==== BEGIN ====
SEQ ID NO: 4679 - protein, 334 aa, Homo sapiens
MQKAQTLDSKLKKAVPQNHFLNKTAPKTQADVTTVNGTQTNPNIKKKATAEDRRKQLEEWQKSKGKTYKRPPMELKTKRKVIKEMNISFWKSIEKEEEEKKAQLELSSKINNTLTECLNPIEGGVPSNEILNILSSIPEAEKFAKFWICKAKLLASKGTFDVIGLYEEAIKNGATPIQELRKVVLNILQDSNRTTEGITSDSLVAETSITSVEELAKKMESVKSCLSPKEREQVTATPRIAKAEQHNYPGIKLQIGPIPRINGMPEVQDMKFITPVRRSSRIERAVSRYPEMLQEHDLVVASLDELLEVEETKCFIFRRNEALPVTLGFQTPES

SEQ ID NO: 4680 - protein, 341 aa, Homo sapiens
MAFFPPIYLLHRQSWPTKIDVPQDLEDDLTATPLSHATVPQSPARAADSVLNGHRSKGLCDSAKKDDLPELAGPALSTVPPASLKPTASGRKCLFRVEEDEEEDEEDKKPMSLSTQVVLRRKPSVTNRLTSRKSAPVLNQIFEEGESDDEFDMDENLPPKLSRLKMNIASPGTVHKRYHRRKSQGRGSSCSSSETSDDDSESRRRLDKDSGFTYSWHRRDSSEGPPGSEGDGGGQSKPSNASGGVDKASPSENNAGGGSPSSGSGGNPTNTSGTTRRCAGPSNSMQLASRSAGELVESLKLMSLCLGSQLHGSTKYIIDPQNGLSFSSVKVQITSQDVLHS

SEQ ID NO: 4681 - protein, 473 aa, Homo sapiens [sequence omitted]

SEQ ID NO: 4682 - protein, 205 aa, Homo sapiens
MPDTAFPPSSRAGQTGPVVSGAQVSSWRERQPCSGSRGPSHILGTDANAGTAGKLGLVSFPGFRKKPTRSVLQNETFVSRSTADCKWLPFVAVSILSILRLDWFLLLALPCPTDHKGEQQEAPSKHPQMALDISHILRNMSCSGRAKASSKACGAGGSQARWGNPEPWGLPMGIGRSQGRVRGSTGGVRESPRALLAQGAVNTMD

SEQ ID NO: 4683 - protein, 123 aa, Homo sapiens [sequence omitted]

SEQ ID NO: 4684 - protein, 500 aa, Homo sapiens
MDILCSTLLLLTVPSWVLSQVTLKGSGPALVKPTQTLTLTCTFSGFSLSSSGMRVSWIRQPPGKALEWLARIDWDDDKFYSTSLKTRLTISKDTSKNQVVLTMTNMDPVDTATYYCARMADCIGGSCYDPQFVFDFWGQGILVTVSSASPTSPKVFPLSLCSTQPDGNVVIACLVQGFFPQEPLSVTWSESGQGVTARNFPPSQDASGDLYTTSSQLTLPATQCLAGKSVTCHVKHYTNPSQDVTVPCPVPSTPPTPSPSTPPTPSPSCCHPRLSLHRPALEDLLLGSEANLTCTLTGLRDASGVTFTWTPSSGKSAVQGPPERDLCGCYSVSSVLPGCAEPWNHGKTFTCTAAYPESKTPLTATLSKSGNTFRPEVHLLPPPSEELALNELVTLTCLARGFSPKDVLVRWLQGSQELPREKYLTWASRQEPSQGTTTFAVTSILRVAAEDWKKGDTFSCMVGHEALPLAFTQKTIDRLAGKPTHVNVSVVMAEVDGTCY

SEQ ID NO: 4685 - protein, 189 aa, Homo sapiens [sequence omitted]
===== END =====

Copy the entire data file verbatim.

SEQ ID NO: 4679 - protein, 334 aa, Homo sapiens
MQKAQTLDSKLKKAVPQNHFLNKTAPKTQADVTTVNGTQTNPNIKKKATAEDRRKQLEEWQKSKGKTYKRPPMELKTKRKVIKEMNISFWKSIEKEEEEKKAQLELSSKINNTLTECLNPIEGGVPSNEILNILSSIPEAEKFAKFWICKAKLLASKGTFDVIGLYEEAIKNGATPIQELRKVVLNILQDSNRTTEGITSDSLVAETSITSVEELAKKMESVKSCLSPKEREQVTATPRIAKAEQHNYPGIKLQIGPIPRINGMPEVQDMKFITPVRRSSRIERAVSRYPEMLQEHDLVVASLDELLEVEETKCFIFRRNEALPVTLGFQTPES

SEQ ID NO: 4680 - protein, 341 aa, Homo sapiens
MAFFPPIYLLHRQSWPTKIDVPQDLEDDLTATPLSHATVPQSPARAADSVLNGHRSKGLCDSAKKDDLPELAGPALSTVPPASLKPTASGRKCLFRVEEDEEEDEEDKKPMSLSTQVVLRRKPSVTNRLTSRKSAPVLNQIFEEGESDDEFDMDENLPPKLSRLKMNIASPGTVHKRYHRRKSQGRGSSCSSSETSDDDSESRRRLDKDSGFTYSWHRRDSSEGPPGSEGDGGGQSKPSNASGGVDKASPSENNAGGGSPSSGSGGNPTNTSGTTRRCAGPSNSMQLASRSAGELVESLKLMSLCLGSQLHGSTKYIIDPQNGLSFSSVKVQITSQDVLHS

SEQ ID NO: 4681 - protein, 473 aa, Homo sapiens [sequence omitted]

SEQ ID NO: 4682 - protein, 205 aa, Homo sapiens
MPDTAFPPSSRAGQTGPVVSGAQVSSWRERQPCSGSRGPSHILGTDANAGTAGKLGLVSFPGFRKKPTRSVLQNETFVSRSTADCKWLPFVAVSILSILRLDWFLLLALPCPTDHKGEQQEAPSKHPQMALDISHILRNMSCSGRAKASSKACGAGGSQARWGNPEPWGLPMGIGRSQGRVRGSTGGVRESPRALLAQGAVNTMD

SEQ ID NO: 4683 - protein, 123 aa, Homo sapiens [sequence omitted]

SEQ ID NO: 4684 - protein, 500 aa, Homo sapiens
MDILCSTLLLLTVPSWVLSQVTLKGSGPALVKPTQTLTLTCTFSGFSLSSSGMRVSWIRQPPGKALEWLARIDWDDDKFYSTSLKTRLTISKDTSKNQVVLTMTNMDPVDTATYYCARMADCIGGSCYDPQFVFDFWGQGILVTVSSASPTSPKVFPLSLCSTQPDGNVVIACLVQGFFPQEPLSVTWSESGQGVTARNFPPSQDASGDLYTTSSQLTLPATQCLAGKSVTCHVKHYTNPSQDVTVPCPVPSTPPTPSPSTPPTPSPSCCHPRLSLHRPALEDLLLGSEANLTCTLTGLRDASGVTFTWTPSSGKSAVQGPPERDLCGCYSVSSVLPGCAEPWNHGKTFTCTAAYPESKTPLTATLSKSGNTFRPEVHLLPPPSEELALNELVTLTCLARGFSPKDVLVRWLQGSQELPREKYLTWASRQEPSQGTTTFAVTSILRVAAEDWKKGDTFSCMVGHEALPLAFTQKTIDRLAGKPTHVNVSVVMAEVDGTCY

SEQ ID NO: 4685 - protein, 189 aa, Homo sapiens [sequence omitted]